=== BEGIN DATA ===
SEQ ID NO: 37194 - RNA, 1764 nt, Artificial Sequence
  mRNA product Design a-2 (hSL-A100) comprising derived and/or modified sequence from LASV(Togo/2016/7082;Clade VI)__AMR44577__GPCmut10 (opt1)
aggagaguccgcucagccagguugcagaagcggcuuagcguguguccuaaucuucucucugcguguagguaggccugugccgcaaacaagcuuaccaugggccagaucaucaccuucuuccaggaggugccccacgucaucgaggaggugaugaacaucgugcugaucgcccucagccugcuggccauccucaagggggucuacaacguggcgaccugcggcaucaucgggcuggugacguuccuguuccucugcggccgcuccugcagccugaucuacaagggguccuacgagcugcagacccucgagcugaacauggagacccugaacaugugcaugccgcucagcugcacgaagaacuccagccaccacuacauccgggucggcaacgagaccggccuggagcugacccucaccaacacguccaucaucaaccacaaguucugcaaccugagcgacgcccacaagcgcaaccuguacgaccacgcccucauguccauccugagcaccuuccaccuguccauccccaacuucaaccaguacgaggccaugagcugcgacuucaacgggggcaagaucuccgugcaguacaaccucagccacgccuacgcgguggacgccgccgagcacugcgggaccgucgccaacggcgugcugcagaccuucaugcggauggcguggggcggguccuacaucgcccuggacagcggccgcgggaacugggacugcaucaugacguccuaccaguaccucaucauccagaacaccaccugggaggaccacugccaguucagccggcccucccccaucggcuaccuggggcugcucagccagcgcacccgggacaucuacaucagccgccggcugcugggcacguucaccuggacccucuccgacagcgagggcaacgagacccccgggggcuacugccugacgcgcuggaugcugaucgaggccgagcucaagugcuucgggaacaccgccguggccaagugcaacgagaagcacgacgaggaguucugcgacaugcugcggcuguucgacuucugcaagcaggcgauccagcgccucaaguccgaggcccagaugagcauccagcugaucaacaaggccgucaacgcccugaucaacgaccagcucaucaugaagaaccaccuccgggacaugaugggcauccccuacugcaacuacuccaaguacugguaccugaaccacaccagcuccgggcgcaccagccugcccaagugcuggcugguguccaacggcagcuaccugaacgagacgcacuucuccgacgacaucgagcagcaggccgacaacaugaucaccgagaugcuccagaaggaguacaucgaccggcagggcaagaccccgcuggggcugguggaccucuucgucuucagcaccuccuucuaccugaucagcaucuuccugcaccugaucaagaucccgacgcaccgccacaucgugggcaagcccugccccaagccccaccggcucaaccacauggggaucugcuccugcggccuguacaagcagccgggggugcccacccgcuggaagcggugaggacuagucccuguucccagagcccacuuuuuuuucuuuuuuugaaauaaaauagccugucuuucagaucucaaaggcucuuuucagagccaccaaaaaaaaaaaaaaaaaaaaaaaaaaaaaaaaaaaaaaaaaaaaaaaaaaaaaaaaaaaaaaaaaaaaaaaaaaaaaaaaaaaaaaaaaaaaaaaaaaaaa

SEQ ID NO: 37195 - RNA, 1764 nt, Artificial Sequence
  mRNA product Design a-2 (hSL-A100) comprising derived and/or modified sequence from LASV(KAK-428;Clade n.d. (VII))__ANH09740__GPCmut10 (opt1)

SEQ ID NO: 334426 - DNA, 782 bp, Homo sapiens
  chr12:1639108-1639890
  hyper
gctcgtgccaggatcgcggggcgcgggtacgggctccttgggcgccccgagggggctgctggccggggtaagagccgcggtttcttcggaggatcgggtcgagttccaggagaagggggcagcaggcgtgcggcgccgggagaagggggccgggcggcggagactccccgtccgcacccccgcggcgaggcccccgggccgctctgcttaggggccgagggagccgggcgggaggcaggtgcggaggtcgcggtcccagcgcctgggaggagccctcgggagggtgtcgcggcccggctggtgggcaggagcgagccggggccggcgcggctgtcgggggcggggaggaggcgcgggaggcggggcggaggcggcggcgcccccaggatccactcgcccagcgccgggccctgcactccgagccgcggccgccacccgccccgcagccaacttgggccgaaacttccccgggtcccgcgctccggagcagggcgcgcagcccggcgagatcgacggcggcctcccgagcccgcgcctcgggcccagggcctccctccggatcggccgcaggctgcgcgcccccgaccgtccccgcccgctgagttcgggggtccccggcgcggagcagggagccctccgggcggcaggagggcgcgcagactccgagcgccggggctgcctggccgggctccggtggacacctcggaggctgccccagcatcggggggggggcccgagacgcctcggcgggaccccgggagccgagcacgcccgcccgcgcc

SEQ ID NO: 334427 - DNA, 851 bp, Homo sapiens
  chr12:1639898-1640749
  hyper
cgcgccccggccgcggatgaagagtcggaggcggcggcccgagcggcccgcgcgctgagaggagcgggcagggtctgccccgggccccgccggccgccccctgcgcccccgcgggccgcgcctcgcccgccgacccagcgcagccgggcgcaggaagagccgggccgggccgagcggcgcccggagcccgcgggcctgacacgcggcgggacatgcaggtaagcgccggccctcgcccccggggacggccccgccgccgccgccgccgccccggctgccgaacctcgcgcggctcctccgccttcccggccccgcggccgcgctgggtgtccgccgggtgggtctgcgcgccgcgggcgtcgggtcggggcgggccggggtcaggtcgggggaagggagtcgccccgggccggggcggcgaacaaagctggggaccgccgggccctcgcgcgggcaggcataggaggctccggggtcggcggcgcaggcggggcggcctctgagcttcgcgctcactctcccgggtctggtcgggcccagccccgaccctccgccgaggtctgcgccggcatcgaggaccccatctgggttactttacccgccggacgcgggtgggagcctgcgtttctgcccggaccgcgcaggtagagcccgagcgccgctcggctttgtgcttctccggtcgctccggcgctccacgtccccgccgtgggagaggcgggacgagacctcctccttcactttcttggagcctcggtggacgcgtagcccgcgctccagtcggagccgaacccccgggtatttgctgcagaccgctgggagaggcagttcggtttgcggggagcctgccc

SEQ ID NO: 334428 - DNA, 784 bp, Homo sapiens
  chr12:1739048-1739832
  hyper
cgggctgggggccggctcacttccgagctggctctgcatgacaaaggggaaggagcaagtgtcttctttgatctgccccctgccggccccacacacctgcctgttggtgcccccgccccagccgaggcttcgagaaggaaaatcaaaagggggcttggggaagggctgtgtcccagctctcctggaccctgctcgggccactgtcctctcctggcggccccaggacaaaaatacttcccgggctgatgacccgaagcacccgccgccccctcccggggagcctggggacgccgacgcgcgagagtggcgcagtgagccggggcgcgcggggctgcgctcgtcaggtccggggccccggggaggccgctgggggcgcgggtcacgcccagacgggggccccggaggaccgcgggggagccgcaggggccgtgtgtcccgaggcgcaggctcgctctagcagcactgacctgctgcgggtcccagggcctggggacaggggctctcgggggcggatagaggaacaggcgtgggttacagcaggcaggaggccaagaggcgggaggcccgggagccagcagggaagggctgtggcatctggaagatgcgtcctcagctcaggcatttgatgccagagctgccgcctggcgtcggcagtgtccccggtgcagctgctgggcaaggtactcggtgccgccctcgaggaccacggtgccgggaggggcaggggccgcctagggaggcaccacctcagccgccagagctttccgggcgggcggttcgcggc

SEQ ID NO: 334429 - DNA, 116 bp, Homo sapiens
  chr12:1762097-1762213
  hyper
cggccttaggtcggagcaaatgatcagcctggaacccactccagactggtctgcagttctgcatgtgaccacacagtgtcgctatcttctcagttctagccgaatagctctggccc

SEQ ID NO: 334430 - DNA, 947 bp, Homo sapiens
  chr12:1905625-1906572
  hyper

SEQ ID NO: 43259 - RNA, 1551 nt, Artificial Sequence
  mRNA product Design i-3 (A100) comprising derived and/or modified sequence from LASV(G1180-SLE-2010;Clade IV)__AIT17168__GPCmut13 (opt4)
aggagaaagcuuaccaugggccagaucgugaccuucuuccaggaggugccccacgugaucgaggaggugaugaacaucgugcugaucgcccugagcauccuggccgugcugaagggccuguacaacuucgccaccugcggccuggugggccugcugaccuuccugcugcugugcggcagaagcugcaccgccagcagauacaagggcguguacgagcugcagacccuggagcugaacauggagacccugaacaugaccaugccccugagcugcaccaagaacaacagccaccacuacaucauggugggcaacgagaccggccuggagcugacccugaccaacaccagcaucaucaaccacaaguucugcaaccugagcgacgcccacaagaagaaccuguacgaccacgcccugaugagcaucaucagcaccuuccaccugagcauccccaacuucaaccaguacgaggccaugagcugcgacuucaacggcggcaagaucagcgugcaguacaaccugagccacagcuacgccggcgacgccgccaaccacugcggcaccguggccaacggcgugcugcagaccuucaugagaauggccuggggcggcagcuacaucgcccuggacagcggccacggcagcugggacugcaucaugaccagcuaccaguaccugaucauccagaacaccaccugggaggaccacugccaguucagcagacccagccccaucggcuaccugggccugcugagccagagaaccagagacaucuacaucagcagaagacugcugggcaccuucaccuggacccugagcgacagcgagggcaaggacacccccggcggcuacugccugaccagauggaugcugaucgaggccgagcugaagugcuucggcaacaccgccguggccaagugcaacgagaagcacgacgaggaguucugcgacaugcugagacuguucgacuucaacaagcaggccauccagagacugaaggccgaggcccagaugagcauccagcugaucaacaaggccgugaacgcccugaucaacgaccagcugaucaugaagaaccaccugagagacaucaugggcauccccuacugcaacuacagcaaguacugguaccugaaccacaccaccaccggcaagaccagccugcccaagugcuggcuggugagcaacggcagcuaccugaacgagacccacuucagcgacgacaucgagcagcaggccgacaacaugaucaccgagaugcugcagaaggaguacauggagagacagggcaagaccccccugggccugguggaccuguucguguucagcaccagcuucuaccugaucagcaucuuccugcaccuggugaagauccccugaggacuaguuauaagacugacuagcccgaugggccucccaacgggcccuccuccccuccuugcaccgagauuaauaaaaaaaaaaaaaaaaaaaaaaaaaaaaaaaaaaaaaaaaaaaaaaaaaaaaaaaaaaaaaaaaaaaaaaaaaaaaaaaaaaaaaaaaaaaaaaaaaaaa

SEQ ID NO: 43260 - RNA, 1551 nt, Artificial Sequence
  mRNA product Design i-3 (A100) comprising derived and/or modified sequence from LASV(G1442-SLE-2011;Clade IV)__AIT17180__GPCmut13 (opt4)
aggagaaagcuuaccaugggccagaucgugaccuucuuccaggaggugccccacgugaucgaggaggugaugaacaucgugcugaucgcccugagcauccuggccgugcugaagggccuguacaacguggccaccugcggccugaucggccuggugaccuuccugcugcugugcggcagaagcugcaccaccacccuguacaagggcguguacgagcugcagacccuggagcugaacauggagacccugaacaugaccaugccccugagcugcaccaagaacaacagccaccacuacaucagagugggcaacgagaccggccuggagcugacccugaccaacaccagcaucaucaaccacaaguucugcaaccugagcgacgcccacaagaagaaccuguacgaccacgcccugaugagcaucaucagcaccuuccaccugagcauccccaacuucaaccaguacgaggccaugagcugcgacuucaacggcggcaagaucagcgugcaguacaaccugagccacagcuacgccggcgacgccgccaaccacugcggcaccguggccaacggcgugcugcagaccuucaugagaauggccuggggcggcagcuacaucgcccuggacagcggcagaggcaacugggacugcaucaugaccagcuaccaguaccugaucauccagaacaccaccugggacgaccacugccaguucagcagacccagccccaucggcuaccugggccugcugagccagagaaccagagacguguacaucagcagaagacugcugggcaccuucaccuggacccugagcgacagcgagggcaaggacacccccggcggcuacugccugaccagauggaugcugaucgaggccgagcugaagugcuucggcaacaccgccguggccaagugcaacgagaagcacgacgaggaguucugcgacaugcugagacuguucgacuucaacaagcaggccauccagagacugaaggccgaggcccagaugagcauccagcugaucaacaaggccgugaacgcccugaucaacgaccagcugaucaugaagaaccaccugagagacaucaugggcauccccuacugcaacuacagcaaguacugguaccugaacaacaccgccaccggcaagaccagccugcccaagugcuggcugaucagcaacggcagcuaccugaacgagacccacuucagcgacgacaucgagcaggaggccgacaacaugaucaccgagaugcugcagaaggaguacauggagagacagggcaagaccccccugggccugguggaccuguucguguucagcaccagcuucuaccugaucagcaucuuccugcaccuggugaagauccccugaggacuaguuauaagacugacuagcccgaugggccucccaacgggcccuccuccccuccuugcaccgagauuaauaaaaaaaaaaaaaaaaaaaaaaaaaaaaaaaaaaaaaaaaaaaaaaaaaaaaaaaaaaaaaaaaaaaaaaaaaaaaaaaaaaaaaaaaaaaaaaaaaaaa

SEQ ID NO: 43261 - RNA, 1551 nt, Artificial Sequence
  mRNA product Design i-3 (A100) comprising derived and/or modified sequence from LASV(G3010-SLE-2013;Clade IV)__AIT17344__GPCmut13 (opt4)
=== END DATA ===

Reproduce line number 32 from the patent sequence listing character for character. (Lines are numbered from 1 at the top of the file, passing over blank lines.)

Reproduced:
  mRNA product Design i-3 (A100) comprising derived and/or modified sequence from LASV(G3010-SLE-2013;Clade IV)__AIT17344__GPCmut13 (opt4)